If you have an emergency where mobile reception is poor you can text 999 or 112. But you need to
We are all familiar with ‘999’ as the emergency number in the UK. 112 does the same job and works
in other parts of the world as well.
- 112 or 999 will try to get through on any available carrier, not just your own service;
- You can normally make a 112 or 999 call from a locked mobile phone. So even if your own phone is out of action you should be able to use a colleague’s or passer-by’s phone without knowing their security code.
- Finally a text might be able to get through when the signal is not strong enough to make a call. But for this to work you need to register your phone first. This is easily done by:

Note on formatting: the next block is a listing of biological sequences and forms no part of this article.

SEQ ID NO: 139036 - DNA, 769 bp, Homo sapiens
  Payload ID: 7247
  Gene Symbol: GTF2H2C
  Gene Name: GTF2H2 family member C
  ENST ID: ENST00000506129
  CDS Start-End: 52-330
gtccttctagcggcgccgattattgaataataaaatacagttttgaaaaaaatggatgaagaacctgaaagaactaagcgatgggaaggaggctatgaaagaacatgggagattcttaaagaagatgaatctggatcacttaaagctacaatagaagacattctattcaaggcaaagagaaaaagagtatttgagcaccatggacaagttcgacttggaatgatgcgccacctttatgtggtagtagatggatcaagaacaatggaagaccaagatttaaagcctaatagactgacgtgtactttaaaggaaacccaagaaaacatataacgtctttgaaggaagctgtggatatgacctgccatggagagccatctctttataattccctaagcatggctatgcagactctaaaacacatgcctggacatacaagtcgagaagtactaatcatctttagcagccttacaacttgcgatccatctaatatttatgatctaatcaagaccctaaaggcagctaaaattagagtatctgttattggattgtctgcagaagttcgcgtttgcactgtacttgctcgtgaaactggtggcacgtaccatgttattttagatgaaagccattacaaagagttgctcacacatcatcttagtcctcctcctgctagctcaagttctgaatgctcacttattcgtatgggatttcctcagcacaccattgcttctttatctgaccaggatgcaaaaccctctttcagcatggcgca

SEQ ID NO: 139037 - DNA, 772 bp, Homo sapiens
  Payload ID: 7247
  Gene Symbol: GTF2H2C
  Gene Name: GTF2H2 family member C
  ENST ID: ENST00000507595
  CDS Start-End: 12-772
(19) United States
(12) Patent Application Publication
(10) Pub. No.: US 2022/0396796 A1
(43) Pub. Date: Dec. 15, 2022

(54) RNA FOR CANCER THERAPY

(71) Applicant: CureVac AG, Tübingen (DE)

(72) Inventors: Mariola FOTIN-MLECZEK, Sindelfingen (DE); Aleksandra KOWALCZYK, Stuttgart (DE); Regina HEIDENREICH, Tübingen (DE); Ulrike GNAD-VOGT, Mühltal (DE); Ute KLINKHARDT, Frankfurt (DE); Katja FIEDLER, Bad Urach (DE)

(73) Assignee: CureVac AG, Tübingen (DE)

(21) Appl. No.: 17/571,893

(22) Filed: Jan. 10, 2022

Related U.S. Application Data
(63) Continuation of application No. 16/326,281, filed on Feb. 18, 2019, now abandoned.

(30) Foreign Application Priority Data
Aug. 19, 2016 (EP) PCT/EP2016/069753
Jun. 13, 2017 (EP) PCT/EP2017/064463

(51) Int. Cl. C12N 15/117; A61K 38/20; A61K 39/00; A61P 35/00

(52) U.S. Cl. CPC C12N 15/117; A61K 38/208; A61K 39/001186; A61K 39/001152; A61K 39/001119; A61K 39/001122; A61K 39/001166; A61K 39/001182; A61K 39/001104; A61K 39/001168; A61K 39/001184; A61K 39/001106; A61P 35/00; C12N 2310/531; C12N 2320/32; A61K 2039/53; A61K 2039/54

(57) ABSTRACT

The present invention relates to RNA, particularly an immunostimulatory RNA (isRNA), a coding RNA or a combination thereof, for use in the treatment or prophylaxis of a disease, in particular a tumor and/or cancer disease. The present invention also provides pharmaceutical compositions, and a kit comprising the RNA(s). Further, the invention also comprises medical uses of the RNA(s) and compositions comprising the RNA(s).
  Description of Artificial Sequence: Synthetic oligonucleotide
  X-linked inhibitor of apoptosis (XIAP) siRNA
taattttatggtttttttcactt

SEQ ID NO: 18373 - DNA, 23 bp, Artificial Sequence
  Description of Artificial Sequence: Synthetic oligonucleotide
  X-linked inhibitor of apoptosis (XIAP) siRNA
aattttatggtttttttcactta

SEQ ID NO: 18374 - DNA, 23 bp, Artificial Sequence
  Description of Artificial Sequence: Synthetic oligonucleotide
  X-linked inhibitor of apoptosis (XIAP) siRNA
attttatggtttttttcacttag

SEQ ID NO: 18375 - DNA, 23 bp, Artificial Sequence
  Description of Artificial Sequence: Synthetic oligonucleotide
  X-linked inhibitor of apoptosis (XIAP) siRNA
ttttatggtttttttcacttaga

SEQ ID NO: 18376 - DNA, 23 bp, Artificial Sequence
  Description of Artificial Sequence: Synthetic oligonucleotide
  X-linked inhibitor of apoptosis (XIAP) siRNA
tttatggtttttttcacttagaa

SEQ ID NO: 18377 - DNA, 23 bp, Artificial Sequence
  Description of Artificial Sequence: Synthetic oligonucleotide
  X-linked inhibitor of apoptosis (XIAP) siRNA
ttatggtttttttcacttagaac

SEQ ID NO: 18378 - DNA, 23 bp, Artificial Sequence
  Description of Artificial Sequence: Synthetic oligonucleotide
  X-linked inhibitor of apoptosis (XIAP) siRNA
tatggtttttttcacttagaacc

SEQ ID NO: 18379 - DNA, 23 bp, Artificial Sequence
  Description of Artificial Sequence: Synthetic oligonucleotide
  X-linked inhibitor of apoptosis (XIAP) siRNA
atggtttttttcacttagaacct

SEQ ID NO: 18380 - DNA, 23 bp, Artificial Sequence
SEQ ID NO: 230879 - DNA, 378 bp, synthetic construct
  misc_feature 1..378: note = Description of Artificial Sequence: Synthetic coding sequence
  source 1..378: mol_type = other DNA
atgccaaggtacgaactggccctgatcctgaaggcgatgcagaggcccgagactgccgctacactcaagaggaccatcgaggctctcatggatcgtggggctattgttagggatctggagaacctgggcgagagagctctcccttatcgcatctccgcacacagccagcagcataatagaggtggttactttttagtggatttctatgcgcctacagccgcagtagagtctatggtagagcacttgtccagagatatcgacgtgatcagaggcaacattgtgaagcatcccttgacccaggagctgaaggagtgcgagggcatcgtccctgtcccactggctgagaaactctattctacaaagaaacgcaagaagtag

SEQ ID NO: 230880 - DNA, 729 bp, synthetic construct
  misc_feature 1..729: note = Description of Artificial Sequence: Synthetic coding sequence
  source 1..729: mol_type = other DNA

- Text the word ‘register’ to 112 (or 999).
- Wait for a reply which tells you to text the word ‘yes’ to 999.
- You then receive a text to acknowledge your registration and that’s it.
Once registered you can text details of an emergency to 112 or 999. The text needs to say which service is required, describe the emergency briefly and give as precise details as possible of the location – including any local landmarks which might help.
A phone call will always be better, but if a call can’t get through a simple text could prove to be a lifesaver in a remote rural location.
There are more details about Registration at this link to the emergency SMS website.
It’s worth adding that there are a few apps which can also be used to give your location on a
smartphone, like OS Locate which will give your six-figure (100 metre) grid reference.